The Intercultural Throughline Title

Category: Full Timeline

The Zoot Suit Riots, Los Angeles, June 3-8, 1943

The Zoot Suit Riots were a series of conflicts on June 3–8, 1943 in Los Angeles, California, United States, which pitted American servicemen stationed in Southern California against Mexican-American youths and other minorities who were residents of the city. It was one of the dozen wartime industrial cities that suffered racial-related riots in the summer of 1943, along with Mobile, Alabama; Beaumont, Texas; Detroit, Michigan; and New York City. American servicemen and white civilians attacked and stripped children, teens, and youths who wore zoot suits, ostensibly because they considered the outfits to be unpatriotic during World War II, as they..Read More

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The Indian Reorganization Act of June 18, 1934

The Indian Reorganization Act of June 18, 1934, or the Wheeler-Howard Act, was U.S. federal legislation that dealt with the status of Native Americans (known in law as American Indians or Indians). It was the centerpiece of what has been often called the “Indian New Deal”. The major goal was to reverse the traditional goal of assimilation of Indians into American society and to strengthen, encourage and perpetuate the tribes and their historic traditions and culture.

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The Mexican Repatriation, 1929-36

The Mexican Repatriation was a mass deportation of Mexicans and Mexican-Americans from the United States between 1929 and 1936. Estimates of how many were repatriated range from 400,000 to 2,000,000. An estimated sixty percent of those deported were birthright citizens of the United States. Because the forced movement was based on race, and ignored citizenship, the process meets modern legal definitions of ethnic cleansing. Widely blamed for exacerbating the overall economic downturn of the Great Depression, Mexicans were further targeted because of “the proximity of the Mexican border, the physical distinctiveness of mestizos, and easily identifiable barrios.” While supported by..Read More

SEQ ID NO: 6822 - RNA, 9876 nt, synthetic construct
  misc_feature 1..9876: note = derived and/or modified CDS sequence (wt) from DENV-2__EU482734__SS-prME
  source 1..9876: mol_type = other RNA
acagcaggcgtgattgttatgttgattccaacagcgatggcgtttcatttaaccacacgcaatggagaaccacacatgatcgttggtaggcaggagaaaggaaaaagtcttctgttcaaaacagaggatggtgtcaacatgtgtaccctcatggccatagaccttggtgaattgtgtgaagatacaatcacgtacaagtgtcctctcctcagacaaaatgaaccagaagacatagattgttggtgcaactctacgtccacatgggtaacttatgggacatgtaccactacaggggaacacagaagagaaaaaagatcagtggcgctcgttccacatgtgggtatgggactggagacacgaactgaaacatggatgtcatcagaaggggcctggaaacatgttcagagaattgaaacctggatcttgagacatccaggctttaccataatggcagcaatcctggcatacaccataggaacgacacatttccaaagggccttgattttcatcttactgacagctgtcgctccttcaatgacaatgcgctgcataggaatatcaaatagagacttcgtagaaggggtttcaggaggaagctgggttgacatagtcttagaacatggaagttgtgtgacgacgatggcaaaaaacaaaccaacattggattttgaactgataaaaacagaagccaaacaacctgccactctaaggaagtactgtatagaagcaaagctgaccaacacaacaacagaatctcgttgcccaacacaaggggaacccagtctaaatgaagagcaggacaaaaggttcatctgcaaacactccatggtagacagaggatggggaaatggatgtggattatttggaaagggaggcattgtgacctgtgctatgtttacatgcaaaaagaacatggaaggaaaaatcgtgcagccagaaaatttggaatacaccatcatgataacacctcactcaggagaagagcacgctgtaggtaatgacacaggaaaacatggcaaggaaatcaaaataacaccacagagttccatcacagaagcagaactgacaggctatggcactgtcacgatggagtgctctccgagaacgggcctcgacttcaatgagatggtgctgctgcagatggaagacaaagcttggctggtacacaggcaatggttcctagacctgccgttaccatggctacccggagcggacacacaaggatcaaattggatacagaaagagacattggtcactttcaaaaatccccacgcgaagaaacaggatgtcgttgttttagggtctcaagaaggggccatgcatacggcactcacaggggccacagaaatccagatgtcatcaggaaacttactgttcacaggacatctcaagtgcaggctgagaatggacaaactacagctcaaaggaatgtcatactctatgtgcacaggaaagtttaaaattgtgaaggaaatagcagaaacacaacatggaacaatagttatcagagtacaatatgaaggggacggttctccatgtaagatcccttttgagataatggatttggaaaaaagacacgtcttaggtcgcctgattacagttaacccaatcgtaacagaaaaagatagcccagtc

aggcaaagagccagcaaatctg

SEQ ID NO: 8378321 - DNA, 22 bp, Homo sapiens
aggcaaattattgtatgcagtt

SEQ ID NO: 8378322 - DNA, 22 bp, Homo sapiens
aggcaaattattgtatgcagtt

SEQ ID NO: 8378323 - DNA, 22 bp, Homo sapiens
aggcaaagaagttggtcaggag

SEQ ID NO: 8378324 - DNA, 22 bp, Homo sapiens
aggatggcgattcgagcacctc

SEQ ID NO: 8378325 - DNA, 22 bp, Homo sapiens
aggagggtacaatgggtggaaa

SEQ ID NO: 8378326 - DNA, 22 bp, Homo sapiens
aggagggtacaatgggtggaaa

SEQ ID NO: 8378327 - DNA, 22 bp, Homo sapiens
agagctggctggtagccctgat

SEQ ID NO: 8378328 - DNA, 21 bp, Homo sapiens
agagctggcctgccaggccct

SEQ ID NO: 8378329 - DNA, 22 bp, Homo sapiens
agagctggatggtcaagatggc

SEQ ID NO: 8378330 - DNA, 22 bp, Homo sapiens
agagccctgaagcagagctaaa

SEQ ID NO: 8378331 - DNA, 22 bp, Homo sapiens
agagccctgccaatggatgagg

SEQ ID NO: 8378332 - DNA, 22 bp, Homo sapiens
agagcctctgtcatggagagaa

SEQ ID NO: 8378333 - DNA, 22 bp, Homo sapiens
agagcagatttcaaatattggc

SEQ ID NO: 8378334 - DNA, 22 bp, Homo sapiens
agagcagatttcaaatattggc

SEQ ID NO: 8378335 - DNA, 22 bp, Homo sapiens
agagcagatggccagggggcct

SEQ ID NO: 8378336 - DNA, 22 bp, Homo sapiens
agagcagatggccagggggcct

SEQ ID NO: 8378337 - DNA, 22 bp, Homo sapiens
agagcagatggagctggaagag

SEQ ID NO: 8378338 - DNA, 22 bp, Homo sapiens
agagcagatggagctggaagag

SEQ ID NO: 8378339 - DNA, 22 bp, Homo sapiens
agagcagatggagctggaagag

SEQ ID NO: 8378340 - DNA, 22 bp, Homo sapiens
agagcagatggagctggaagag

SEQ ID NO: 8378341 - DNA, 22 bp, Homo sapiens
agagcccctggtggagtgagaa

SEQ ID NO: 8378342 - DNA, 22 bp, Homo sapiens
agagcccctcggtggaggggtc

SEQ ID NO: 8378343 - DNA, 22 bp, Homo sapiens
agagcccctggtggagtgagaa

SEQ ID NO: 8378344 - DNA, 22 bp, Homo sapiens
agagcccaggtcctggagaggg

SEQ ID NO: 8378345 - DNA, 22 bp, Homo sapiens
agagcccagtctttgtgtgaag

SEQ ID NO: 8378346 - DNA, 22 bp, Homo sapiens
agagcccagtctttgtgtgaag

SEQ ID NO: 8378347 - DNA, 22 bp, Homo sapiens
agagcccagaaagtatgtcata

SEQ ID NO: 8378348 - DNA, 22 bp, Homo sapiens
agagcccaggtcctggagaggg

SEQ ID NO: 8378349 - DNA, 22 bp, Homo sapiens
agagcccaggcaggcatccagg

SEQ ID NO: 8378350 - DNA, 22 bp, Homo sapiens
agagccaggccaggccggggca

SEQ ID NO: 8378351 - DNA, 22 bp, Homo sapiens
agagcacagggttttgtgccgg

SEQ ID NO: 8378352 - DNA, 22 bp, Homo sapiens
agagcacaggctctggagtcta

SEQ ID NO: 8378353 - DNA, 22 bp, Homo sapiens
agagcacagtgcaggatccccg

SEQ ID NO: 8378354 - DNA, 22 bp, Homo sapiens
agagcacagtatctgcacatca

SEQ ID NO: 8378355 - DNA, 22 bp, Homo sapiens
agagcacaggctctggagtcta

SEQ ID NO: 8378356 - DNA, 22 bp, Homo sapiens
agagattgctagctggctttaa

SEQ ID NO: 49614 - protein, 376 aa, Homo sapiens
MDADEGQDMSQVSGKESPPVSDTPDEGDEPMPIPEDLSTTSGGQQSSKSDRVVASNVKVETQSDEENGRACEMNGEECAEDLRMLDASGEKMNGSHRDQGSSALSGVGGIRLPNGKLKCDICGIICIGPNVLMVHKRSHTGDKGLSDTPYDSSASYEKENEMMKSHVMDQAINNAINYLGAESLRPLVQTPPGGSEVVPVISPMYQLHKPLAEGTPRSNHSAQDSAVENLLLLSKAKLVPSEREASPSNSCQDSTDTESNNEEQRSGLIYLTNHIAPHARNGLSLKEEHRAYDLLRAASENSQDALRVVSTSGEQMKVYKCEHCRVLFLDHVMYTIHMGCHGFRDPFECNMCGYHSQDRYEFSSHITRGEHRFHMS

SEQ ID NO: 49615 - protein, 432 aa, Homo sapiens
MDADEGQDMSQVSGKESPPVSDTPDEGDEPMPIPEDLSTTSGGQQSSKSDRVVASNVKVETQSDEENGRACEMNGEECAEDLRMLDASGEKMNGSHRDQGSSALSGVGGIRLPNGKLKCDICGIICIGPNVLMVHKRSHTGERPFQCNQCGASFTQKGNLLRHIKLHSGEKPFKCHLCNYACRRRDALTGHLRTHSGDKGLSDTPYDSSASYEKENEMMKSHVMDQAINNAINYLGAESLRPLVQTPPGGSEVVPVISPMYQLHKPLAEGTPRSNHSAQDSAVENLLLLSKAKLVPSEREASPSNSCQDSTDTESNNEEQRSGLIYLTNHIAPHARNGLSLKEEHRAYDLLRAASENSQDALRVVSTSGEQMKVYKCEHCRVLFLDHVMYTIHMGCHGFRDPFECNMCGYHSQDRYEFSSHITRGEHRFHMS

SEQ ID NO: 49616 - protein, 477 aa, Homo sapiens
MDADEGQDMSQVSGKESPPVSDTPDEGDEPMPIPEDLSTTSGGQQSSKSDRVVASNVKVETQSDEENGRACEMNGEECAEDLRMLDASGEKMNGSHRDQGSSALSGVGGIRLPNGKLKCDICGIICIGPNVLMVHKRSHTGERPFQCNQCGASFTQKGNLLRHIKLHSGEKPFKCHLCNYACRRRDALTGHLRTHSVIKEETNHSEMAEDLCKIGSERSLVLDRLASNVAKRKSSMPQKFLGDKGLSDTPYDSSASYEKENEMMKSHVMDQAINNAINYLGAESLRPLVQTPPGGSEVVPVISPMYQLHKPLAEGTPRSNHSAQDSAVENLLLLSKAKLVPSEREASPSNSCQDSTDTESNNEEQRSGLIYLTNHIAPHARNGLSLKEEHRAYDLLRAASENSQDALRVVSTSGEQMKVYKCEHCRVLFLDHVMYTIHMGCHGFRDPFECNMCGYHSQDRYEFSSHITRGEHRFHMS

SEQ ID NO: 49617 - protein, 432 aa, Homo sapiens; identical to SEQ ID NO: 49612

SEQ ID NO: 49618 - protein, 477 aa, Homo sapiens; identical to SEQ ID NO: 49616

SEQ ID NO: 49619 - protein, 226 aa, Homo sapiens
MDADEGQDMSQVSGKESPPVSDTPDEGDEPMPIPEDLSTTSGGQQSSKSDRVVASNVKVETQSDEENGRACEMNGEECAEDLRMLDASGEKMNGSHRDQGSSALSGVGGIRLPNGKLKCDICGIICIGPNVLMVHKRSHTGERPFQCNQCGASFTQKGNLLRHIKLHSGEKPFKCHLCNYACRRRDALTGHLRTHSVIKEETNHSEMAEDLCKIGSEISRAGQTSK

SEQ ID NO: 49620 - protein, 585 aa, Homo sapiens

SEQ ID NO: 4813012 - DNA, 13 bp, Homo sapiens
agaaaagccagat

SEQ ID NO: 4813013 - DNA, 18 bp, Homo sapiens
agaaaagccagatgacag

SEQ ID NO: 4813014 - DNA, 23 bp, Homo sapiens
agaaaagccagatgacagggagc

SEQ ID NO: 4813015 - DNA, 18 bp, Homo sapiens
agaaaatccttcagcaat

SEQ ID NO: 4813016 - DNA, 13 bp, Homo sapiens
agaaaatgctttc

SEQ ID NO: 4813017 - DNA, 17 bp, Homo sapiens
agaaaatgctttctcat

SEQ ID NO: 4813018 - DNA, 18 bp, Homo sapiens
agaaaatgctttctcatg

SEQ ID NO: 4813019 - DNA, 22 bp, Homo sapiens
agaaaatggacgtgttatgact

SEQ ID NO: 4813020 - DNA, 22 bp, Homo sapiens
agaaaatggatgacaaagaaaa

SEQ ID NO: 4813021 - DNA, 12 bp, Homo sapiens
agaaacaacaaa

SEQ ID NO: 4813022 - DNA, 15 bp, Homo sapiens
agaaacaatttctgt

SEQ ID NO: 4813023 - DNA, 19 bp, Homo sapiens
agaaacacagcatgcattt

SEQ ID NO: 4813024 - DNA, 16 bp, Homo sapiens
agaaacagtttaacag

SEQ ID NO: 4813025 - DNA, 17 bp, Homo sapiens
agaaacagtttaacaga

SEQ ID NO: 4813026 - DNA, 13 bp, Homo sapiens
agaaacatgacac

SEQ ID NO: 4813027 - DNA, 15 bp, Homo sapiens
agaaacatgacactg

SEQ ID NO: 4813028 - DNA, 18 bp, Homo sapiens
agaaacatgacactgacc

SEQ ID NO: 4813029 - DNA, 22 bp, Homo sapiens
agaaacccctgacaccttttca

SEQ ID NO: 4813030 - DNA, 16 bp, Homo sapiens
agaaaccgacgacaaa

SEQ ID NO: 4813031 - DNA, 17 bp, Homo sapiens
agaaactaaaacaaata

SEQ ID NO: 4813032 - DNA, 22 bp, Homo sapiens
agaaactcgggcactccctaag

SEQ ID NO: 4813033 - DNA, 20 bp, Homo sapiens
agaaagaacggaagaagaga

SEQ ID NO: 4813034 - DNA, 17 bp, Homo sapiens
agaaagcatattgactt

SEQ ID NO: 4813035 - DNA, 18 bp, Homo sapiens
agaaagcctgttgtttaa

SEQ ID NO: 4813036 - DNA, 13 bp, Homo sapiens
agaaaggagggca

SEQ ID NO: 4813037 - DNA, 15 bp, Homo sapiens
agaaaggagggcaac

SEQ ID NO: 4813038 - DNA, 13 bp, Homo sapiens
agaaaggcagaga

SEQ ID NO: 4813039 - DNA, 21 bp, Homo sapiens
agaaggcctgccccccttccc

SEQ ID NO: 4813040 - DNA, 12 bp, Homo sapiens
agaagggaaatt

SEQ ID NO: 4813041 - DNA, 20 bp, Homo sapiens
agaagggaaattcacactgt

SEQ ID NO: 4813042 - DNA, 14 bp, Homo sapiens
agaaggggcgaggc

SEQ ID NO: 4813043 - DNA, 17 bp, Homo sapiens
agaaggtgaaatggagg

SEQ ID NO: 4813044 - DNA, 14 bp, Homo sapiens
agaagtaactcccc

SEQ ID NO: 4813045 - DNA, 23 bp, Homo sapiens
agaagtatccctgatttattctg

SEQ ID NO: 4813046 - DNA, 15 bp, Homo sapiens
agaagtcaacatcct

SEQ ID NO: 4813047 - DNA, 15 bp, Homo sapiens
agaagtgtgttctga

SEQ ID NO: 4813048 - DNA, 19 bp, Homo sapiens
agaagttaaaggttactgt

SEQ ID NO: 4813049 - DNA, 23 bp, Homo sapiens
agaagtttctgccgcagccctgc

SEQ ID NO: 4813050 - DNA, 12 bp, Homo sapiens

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Dawes Act Image

The Dawes Act of 1887

The Dawes Act of 1887 (also known as the General Allotment Act or the Dawes Severalty Act of 1887),[1][2] authorized the President of the United States to survey Native American tribal land and divide it into allotments for individual Native Americans. Those who accepted allotments and lived separately from the tribe would be granted United States citizenship. The Dawes Act was amended in 1891, in 1898 by the Curtis Act, and again in 1906 by the Burke Act.

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